ENTJs are powerhouses. They are masters of pinpointing the most efficient way of getting things done – and occasionally, those ways of getting things done require the participation of other people. While a healthy ENTJ maintains and respects others’ boundaries, an unhealthy one may cash in on their manipulative tendencies and coerce others into acting in a way that serves them. This type tends to believe that the ends justify the means – which is effective in the best of times but morally questionable in the worst of times.

ESTP: Playing people to get what they want.

ESTPs are smooth talkers and charmers. They can talk their way in or out of anything and an unhealthy ESTP may take advantage of this ability. This type needs to remember that they’re accountable for everything they say while their charm is turned on – and that if they make a promise in order to get something they want, they’re still accountable for delivering on it.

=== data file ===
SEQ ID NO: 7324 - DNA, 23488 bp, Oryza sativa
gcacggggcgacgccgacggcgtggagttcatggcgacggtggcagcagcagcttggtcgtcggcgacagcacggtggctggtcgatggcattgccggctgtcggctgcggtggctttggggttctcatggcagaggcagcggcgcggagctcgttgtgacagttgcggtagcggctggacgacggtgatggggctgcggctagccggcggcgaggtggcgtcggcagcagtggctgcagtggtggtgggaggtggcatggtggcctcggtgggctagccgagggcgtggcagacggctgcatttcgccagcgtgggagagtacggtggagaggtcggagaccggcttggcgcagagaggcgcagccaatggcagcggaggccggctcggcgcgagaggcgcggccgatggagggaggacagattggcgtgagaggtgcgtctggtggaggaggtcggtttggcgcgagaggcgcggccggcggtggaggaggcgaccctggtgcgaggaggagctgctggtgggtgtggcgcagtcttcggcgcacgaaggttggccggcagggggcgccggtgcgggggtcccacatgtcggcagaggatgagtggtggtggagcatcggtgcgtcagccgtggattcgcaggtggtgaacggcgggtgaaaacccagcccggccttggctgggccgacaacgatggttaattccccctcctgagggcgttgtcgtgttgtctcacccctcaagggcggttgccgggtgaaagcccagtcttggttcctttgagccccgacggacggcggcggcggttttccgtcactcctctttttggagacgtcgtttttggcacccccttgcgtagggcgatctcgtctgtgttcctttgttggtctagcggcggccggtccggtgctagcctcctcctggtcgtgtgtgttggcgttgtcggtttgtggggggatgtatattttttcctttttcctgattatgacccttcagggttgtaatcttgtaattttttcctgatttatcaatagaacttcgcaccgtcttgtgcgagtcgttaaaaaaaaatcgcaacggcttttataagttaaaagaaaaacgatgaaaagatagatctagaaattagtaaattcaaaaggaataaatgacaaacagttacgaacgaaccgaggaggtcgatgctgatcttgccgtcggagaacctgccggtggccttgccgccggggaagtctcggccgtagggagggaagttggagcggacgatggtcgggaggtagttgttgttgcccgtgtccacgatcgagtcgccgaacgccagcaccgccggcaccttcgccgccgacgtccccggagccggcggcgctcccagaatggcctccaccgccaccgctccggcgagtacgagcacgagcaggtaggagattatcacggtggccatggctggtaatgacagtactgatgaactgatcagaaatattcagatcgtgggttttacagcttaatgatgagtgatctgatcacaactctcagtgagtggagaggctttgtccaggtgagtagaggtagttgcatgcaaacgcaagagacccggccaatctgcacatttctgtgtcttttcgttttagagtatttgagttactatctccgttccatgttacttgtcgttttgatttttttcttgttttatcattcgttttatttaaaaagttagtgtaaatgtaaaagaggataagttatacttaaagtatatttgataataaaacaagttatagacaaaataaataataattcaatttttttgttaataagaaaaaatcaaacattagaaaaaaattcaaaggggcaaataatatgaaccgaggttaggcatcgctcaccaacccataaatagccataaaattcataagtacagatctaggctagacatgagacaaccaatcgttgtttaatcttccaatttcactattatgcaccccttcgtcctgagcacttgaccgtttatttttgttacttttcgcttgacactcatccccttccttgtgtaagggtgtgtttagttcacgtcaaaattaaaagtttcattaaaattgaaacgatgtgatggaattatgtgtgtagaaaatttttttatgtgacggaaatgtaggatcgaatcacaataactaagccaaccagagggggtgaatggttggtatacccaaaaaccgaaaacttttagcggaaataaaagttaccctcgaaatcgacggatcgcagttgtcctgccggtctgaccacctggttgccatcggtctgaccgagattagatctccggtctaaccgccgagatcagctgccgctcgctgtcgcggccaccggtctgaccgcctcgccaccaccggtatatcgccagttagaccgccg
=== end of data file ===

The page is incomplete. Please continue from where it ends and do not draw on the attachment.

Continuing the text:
ESFP: Chasing the spotlight at all costs.

ESFPs love to be the center of attention. This type thrives on entertaining others – and there’s nothing wrong with that! But an unhealthy ESFP is at risk of neglecting loyal friends and loved ones every time an opportunity for attention arises. They may flake on plans, drop commitments and even fail to be there for friends in times of need if they perceive a greater opportunity for validation. This type needs to remember that attention is fleeting but long-lasting relationships are not.

ISFP: Avoiding necessary confrontation.